Royal Aircraft Factory R.E.8 (Reconnaissance Experimental 8)
The Royal Aircraft Factory R.E.8 was a British two-seat biplane reconnaissance and bomber aircraft of the First World War designed by John Kenworthy at the Royal Aircraft Factory. Intended as a replacement for the vulnerable B.E.2, the R.E.8 was widely regarded as more difficult to fly, and gained a reputation in the Royal Flying Corps for being unsafe. Although it gave satisfactory service, it was never an outstanding combat aircraft.
In spite of this, the R.E.8 served as the standard British reconnaissance and artillery spotting aircraft from mid-1917 to the end of the war, serving alongside the rather more popular Armstrong Whitworth F.K.8.
Over 4,000 R.E.8s were eventually produced and they served in most theatres including Italy, Russia, Palestine, and Mesopotamia, as well as the Western Front.
The first of two prototype R.E.8s flew on 17 June 1916. Its design and appearance had much in common with the B.E.12 and the B.E.2e. The Royal Aircraft Factory 4a air-cooled V12 engine closely resembled that of the B.E.12, with the same large air scoop and similar vertically mounted exhausts protruding over the upper wing to carry the fumes clear of the crew. The only real difference was that the engine was slightly raked back, to improve take off and landing characteristics.
The wings were identical to those of the B.E.2e, although the span, and therefore the wing area, was increased. The tailplane was also the same as the B.E.2e. The entirely new parts of the design were confined to the fuselage aft of the engine firewall, and the vertical fin and rudder.
The R.E.8 was intended to replace the B.E.2, which was already attracting widespread criticism and an attempt was made to address each of the B.E.2’s main failings. The more powerful motor was intended to improve the speed and climb of the B.E.2 and in particular to allow a better payload. This permitted the R.E.8 to operate as a true two-seater – since the observer no longer had to be left at home when bombs or a full fuel load were carried, there was no need for his seat to be at the centre of gravity – as a result he could now be seated behind the pilot, in the proper position to operate a defensive machine gun. It was also possible to install a pilot’s gun. The longer wings had already proved themselves on the B.E.2e – maintaining the stability of the B.E.2c while providing better manoeuvrability, although there were fears that the long extensions on the upper wing might collapse if the aircraft was dived too sharply. The new tail, as originally fitted, had a much smaller fin, which it was hoped would improve rudder control and allow the R.E.8 to turn more easily without seriously affecting stability.
To make the R.E.8 less tiring to fly the pilot’s controls included a wheel to adjust the tailplane incidence in flight, and a form of primitive rudder trim was provided to reduce the constant pressure necessary to counteract the torque of the propeller. Very basic flight controls were installed in the observer's cockpit – these folded out of the way when not in use. They were connected to the elevators, rudder, and throttle, but not to the ailerons and were plainly intended to give observers a chance to make a forced landing if the pilot was killed or incapacitated rather than to offer true dual control.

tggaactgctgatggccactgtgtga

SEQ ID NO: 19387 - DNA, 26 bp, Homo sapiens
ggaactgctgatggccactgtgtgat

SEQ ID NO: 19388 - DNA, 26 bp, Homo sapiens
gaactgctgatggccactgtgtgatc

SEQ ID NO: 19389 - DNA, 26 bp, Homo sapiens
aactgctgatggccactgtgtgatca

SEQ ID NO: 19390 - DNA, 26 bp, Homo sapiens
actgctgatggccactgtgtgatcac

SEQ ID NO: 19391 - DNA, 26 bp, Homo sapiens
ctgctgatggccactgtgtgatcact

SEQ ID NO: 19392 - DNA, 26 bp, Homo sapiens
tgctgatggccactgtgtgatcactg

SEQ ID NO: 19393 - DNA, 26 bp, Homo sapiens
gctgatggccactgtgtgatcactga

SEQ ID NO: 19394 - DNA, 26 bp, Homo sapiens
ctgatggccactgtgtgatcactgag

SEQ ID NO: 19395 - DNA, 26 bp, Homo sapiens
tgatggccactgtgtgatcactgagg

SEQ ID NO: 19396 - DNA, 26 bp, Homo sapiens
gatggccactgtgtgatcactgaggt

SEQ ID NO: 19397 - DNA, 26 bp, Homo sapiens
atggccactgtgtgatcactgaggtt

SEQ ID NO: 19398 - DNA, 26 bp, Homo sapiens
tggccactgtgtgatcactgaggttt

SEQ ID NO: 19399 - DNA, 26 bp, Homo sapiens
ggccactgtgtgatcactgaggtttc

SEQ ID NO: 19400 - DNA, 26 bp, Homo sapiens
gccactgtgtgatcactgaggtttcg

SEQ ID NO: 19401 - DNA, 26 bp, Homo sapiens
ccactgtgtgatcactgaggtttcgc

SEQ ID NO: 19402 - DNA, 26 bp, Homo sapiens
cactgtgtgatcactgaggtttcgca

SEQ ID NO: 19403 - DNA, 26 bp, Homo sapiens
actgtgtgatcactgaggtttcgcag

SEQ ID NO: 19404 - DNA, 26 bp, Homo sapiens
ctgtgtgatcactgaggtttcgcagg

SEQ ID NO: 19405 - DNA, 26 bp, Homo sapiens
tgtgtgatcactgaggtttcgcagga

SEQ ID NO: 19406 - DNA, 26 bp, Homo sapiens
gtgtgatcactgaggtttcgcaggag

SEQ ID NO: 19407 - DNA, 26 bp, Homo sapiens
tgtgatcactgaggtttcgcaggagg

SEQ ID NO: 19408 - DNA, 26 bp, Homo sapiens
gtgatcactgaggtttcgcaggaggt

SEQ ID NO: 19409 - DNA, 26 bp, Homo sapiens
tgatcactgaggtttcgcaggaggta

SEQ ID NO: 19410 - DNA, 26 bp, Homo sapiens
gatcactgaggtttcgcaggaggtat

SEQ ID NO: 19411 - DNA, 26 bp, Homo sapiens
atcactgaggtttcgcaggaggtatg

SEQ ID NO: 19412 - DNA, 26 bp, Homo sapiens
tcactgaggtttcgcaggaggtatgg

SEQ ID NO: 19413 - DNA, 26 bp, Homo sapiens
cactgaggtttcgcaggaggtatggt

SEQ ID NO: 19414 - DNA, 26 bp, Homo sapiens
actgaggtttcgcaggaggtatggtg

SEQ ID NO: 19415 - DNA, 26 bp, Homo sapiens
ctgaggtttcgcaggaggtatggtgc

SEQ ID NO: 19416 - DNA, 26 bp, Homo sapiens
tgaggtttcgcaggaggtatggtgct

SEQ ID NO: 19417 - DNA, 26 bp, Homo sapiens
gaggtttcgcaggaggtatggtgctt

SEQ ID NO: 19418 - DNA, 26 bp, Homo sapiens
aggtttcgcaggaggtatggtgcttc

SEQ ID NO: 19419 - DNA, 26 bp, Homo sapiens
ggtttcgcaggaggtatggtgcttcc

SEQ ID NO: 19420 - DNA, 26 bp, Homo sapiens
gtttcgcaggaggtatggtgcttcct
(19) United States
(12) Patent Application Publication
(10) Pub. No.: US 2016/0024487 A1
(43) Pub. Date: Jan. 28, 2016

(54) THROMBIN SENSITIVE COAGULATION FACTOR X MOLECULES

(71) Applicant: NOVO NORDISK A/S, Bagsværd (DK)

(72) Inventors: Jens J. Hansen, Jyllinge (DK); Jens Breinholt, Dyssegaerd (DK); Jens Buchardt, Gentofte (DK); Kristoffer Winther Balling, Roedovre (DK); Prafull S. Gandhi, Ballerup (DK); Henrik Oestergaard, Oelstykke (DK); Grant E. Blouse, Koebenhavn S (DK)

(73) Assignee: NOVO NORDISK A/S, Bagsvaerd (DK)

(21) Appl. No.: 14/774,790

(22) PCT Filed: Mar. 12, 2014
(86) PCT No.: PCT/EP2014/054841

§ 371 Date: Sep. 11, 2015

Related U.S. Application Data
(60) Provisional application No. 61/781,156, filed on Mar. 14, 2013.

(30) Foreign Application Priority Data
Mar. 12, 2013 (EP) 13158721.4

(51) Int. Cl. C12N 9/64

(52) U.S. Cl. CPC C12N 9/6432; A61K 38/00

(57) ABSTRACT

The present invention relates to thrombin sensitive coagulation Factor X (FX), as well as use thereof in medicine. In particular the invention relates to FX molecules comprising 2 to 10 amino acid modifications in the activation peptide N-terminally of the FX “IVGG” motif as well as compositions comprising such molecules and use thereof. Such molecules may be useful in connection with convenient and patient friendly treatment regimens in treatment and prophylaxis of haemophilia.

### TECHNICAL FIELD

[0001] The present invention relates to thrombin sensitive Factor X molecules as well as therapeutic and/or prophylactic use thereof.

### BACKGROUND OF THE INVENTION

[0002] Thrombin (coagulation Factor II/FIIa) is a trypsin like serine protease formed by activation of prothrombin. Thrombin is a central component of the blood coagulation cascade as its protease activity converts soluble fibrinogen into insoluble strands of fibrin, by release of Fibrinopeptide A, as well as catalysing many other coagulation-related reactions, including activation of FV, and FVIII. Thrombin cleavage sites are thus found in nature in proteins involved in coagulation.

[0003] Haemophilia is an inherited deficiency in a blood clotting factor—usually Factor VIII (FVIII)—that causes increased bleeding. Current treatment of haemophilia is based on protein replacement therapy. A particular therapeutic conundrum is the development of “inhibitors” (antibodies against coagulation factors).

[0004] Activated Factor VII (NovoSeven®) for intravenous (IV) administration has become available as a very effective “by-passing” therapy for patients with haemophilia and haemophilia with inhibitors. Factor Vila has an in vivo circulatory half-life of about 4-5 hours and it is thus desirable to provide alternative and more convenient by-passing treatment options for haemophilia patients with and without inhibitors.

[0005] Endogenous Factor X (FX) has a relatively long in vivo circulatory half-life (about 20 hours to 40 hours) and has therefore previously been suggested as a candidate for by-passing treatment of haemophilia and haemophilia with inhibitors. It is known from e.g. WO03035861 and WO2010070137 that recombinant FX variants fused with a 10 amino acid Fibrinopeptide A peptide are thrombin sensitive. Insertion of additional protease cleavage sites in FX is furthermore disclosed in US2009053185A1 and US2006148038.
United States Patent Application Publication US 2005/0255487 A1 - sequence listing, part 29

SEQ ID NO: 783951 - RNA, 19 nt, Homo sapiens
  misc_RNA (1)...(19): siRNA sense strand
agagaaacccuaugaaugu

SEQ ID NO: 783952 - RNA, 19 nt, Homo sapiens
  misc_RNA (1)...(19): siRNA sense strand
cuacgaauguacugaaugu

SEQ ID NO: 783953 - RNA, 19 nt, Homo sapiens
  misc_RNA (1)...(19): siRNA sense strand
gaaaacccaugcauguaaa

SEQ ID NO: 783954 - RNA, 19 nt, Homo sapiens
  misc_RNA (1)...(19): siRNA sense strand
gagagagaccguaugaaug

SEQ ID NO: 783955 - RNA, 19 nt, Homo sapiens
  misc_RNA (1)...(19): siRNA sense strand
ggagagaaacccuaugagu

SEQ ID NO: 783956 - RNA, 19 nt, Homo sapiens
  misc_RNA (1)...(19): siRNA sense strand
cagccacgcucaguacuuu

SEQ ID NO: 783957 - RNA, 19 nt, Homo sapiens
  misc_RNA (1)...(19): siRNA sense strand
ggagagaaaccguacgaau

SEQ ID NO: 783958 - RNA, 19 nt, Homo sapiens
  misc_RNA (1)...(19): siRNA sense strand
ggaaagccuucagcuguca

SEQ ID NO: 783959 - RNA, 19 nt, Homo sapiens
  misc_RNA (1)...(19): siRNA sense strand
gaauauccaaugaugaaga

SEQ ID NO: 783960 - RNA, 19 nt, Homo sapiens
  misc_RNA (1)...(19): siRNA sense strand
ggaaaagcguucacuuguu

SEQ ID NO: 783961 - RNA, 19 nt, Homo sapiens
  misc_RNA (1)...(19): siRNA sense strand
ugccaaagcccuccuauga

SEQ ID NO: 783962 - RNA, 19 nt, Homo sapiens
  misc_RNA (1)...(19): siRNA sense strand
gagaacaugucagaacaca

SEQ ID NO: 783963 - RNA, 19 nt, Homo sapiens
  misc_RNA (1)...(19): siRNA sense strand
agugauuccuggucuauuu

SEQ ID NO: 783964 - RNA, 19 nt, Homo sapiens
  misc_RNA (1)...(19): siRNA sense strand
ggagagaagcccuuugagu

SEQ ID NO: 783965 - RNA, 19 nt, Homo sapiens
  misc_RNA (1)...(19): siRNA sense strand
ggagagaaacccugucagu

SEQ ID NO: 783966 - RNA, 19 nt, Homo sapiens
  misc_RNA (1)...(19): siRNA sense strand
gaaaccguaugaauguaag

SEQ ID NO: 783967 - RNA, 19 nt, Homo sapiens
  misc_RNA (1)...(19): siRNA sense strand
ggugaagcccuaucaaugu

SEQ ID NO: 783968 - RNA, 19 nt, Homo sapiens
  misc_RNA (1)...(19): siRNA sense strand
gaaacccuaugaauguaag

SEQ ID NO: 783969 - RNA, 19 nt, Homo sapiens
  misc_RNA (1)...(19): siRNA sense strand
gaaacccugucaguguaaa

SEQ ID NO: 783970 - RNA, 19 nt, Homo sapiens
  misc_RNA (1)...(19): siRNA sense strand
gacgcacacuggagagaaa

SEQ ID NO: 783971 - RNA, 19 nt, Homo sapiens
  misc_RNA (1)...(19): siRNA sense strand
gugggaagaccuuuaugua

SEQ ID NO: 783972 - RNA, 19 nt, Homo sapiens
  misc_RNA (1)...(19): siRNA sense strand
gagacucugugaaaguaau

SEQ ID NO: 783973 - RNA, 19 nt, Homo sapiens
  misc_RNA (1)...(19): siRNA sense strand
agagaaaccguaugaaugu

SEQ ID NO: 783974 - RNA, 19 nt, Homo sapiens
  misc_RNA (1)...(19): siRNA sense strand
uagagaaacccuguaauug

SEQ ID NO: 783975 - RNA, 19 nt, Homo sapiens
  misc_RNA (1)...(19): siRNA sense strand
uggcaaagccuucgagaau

The first R.E.8s reached No. 52 Squadron RFC in France in November 1916. The inexperienced pilots found these new aircraft to be dangerous as several of them were killed spinning in off a stall while attempting to land. They were grateful to return to the B.E.2e by exchanging aircraft with 34 Squadron in January 1917. Experienced pilots had fewer problems with the R.E.8 and re-equipment of B.E.2 squadrons continued. Pilot’s notes for the R.E.8 prepared in the field drew attention to the fact that it had a higher landing speed than the B.E.2e (hardly surprising, since it was heavier, and had almost the same wing area) and that it gave almost no warning of a stall.
The Royal Aircraft Factory conducted spinning tests on the R.E.8 and concluded that it was quite hard to spin and recovered easily. Despite this, the vertical fin area was redesigned with slightly increased area to improve spin recovery. This modification resulted in the production version being no less stable than the B.E.2e, and while this was an advantage for artillery spotting and photography, it gave the R.E.8 little chance of out-manoeuvring enemy fighters. A still larger fin was fitted to some R.E.8s used as trainers.
Although supplemented by other aircraft, the R.E.8 remained the RFC’s standard artillery spotting, air photography, and general short range reconnaissance aircraft for the remainder of the war. By November 1918, the R.E.8 was regarded as completely obsolete and surviving examples were quickly retired after the Armistice.
Adapted from various sources including Wikipeadia.